Author seeks to slow damage to Florida’s water management system

Gov. Rick Scott and the Florida Department of Environmental Protection appear to be exercising more control over the state’s five water management districts, calling for statewide consistency while providing “one clear and consistent message.”

But Tom Swihart, author of “Florida’s Water: A Fragile Resource in a Vulnerable State,” says Florida wouldn’t have been able to protect water as well as it has without having its five regional water management districts with substantial autonomy.

Swihart was administrator of the Office of Water Policy in the Florida Department of Environmental Protection for the last 14 years until 2010. His book was published in July by RFF Press. It’s a must-read for lawmakers and anyone who cares about Florida and the water that we need for survival.

Florida’s modern system of five water management districts was established by the Legislature in 1972. In 1976, voters adopted a constitutional amendment granting all of them the power to levy property taxes. Fifty-five percent voted in favor, which would not meet the 60 percent requirement now in place for constitutional amendments to pass.

Agriculture, developers and business groups have complained for more than 20 years about water management districts being led by unelected boards with taxing, rule-making and regulatory enforcement authority.

In June, Scott signed SB 2142 to cut water district property taxes by $210 million, or an average of 30 percent.

The Legislature also set budgets for the districts for the first time ever, Swihart said, and required budget review and approval by the Legislative Budget Commission.

The Legislature also passed HB 421, exempting agriculture from water district permits in response to a fight between the St. Johns River Water Management District and an Alachua County farmer who filled in wetlands.

In April, Scott sent a letter to the districts saying that he was directing DEP to carry out oversight to ensure statewide consistency with regulatory and water supply activities while accounting for regional differences.

In August, Vinyard announced $700 million in budget cuts made by the districts under the supervision of the governor and DEP. He said the cuts will help the districts to refocus on what he said were their core missions: Water supply, flood protection, water quality and natural systems protection.

“I don’t have the ability to look backwards as to what has been done before,” Vinyard said. “But looking forward that’s what we’re focused on: What are we going to do, what are our priorities? This is an opportunity to refocus on what we are supposed to be doing.”

Swihart says looking back and understanding the history of the state’s system of water governance also is important when looking forward.

The five water management districts, he said, have helped guide conservation efforts and protected natural resources, including purchasing floodplains along the Suwannee River, restoring the upper St. Johns River, resolving the Tampa Bay water wars and conserving vast tracts of the Florida Panhandle.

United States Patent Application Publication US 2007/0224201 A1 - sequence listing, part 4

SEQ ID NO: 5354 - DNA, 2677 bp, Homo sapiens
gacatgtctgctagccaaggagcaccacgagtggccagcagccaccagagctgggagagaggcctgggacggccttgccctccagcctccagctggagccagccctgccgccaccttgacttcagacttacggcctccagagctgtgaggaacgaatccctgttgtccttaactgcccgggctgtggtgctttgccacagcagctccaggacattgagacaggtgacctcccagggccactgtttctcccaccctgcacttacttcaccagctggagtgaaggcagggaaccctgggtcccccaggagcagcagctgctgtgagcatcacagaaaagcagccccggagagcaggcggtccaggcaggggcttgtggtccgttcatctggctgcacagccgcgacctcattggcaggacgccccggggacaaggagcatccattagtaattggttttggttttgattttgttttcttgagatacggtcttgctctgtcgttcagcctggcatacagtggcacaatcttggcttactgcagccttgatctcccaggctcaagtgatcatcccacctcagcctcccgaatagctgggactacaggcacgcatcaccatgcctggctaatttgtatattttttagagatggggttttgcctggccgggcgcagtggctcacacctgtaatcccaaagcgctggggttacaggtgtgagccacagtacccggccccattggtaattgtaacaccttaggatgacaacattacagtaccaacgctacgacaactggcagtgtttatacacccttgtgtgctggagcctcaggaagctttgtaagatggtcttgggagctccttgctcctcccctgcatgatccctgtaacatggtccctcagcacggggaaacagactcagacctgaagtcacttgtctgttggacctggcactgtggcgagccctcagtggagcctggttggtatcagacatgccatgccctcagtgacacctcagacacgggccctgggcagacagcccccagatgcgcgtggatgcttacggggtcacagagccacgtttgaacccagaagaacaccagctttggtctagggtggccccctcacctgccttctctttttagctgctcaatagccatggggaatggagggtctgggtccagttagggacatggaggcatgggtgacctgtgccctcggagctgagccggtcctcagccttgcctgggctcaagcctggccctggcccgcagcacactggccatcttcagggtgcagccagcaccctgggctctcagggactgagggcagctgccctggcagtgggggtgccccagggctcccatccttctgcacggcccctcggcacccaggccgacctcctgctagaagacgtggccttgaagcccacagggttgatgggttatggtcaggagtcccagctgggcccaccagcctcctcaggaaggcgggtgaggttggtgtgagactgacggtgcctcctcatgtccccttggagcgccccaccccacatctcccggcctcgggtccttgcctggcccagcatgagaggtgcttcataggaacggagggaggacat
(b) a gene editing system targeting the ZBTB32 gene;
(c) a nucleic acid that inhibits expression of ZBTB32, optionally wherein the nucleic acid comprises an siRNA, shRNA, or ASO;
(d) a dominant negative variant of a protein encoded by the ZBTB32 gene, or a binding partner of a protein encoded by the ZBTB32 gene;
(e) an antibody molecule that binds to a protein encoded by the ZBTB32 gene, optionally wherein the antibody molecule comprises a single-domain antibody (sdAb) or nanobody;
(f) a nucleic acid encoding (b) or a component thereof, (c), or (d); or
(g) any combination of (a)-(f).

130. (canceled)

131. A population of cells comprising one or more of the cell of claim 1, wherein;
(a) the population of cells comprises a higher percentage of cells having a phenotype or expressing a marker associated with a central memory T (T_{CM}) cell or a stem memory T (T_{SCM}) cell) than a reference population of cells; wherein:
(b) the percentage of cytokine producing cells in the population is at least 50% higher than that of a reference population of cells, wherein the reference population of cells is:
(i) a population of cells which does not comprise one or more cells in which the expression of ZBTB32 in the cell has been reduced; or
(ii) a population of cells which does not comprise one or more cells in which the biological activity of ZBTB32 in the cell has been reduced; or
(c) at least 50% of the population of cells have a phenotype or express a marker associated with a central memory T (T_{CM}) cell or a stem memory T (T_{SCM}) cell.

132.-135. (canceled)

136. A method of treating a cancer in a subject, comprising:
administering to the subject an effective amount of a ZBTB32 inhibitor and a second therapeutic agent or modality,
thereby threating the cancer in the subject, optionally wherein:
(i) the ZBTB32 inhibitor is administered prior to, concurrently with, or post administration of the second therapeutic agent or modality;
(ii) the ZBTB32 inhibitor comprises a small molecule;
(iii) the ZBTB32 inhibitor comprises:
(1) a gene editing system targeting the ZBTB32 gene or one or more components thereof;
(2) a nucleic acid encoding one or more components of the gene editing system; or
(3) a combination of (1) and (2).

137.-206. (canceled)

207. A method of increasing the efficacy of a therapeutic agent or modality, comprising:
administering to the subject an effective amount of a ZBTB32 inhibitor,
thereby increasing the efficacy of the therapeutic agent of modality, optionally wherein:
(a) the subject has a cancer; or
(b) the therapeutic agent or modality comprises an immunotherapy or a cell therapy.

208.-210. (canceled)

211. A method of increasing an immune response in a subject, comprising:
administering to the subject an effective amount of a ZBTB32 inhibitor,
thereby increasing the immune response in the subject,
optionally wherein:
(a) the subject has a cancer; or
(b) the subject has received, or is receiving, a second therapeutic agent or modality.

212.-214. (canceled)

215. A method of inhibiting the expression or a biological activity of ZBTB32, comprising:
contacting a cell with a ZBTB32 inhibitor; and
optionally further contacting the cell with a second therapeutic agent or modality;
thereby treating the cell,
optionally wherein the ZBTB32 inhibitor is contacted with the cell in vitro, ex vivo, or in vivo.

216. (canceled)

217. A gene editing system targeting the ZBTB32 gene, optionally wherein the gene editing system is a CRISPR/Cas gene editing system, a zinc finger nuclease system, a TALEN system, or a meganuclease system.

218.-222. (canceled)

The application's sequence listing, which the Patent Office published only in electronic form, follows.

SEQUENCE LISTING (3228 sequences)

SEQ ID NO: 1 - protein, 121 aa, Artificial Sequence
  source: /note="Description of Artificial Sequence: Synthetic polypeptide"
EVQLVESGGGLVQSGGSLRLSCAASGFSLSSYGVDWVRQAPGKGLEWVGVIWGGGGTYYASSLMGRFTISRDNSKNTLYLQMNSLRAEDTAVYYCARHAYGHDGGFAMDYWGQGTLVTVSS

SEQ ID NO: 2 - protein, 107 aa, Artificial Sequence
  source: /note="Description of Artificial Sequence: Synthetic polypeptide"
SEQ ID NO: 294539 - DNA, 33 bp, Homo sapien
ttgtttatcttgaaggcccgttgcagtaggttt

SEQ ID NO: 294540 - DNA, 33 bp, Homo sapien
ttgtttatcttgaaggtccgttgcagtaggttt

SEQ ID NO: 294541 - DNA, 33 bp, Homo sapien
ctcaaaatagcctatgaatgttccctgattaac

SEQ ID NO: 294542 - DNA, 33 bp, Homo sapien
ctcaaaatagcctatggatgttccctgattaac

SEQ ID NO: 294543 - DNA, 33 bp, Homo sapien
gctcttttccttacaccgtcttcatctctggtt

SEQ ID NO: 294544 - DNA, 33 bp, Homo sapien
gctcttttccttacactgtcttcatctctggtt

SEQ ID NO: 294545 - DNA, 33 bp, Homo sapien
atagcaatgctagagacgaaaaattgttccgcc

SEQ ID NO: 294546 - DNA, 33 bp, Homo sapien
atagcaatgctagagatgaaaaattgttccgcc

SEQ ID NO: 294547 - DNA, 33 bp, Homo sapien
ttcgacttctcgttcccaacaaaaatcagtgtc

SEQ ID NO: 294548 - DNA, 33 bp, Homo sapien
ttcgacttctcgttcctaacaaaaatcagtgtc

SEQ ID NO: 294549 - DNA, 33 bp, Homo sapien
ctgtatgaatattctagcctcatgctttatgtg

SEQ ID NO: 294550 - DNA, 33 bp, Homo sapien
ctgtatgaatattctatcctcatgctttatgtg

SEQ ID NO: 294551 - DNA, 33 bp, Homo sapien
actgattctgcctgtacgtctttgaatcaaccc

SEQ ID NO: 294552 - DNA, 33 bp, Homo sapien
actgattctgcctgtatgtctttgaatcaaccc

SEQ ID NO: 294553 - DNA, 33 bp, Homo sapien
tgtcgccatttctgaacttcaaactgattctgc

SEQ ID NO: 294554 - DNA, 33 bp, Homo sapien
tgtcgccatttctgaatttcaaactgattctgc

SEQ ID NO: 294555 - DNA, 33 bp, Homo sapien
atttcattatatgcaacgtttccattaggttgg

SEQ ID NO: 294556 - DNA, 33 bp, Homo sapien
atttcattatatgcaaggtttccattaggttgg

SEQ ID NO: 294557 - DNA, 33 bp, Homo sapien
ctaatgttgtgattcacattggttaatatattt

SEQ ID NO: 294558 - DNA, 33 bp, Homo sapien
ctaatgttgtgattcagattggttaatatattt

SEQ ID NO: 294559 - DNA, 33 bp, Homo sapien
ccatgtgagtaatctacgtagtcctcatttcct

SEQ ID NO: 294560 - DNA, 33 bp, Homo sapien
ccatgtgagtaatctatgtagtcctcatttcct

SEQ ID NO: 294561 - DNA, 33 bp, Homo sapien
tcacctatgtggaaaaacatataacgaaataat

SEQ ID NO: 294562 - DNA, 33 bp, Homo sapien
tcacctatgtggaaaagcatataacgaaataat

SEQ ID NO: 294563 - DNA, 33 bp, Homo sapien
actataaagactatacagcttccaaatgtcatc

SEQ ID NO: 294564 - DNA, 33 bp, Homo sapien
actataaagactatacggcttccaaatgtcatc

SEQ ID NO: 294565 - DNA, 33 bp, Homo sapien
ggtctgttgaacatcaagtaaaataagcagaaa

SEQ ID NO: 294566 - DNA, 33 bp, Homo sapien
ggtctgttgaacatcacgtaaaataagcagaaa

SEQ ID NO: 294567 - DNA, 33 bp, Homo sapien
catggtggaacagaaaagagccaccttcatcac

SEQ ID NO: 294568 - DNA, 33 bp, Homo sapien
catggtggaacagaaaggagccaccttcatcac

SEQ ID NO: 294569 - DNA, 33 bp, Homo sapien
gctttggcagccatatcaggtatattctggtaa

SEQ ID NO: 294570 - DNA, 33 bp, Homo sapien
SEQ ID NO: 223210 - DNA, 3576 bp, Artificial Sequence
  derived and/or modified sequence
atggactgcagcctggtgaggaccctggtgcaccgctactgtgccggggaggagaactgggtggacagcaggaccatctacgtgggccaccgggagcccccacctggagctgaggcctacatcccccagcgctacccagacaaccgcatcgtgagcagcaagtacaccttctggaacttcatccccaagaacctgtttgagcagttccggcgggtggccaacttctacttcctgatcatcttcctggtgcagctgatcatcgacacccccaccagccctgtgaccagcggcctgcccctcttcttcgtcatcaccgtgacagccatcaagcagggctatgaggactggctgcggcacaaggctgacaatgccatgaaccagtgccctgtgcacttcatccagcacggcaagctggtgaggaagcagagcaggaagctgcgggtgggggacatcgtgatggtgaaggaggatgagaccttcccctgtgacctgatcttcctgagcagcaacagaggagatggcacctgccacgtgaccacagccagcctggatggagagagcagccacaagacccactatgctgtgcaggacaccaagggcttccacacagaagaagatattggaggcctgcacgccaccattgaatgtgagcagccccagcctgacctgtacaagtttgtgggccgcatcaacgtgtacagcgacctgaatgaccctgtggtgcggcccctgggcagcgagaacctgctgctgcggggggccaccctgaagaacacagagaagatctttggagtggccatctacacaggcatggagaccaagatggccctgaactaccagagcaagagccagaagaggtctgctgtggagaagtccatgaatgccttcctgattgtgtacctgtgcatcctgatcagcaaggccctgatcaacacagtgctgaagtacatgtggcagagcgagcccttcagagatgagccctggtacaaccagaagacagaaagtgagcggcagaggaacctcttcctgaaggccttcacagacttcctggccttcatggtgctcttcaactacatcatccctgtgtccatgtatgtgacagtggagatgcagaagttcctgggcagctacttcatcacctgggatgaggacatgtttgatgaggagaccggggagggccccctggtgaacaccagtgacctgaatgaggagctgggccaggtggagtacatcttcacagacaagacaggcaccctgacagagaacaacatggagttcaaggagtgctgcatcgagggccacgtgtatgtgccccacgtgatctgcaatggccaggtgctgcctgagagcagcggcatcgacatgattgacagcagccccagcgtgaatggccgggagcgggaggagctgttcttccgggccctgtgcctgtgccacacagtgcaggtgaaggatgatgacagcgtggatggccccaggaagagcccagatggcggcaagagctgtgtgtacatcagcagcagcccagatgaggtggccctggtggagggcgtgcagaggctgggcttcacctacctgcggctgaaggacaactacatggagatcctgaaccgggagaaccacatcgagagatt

The rhetoric coming from the governor now, Swihart said, is reminiscent of the “Pork Chop Gang,” the rural Panhandle legislators whose control over the Capitol during the mid-20th century far exceeded the small populations they represented.

“We are kind of back 30, 45 years ago with the old pork-choppers and old fashioned thinking on water management,” Swihart said earlier this month.

“It is an echo chamber. You are hearing what was said before we developed our contemporary views on water management. I think the book makes that case.”

“Florida’s Water” lays out the history of Florida’s water disputes and controversies and describes the laws, policies and programs that have shaped the state since its leaders thought that draining the Everglades was a good idea.

He describes the challenges facing each of the districts based on their unique geography, growth and land characteristics. And he points out the key decisions facing each of those districts and the state in the future.

Last month, Swihart said he read letters from Gov. Rick Scott to the water management districts about the $700 million in cuts. He said those letters contained little specific direction or guidance on priorities — despite what Vinyard says about refocusing on the districts’ core missions.

“It’s fun to say, ‘Cut your budget.’ The responsible thing is to say, ‘These are the growing priorities in Florida water and you need to focus on these things.’ That was pretty much absent from the letters I looked at.”

More changes will be proposed in the 2012 legislative session from the House Select Committee on Water Policy, which met this week. But Swihart points out that the Legislature took major action already this year before the committee could issue recommendations.

Swihart said he wrote the book to recommend improvements to state water policy and water management. By the time the book came out last summer, he said the bigger goal became to reduce the damage to what he considered to be one of the nation’s best systems of water management.

“When you speak to people in Georgia and you speak to people in other states,” Swihart said, “they wish they had a water management system like Florida, (both) the scale of effort we have been putting into it and the degree of independence.”

(Photo of Swihart and text copyrighted by Bruce Ritchie and Do not copy or redistribute without permission, which can be obtained from

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  1. Pingback: Review of Swihart’s book, “Florida’s Water” « floridaswater

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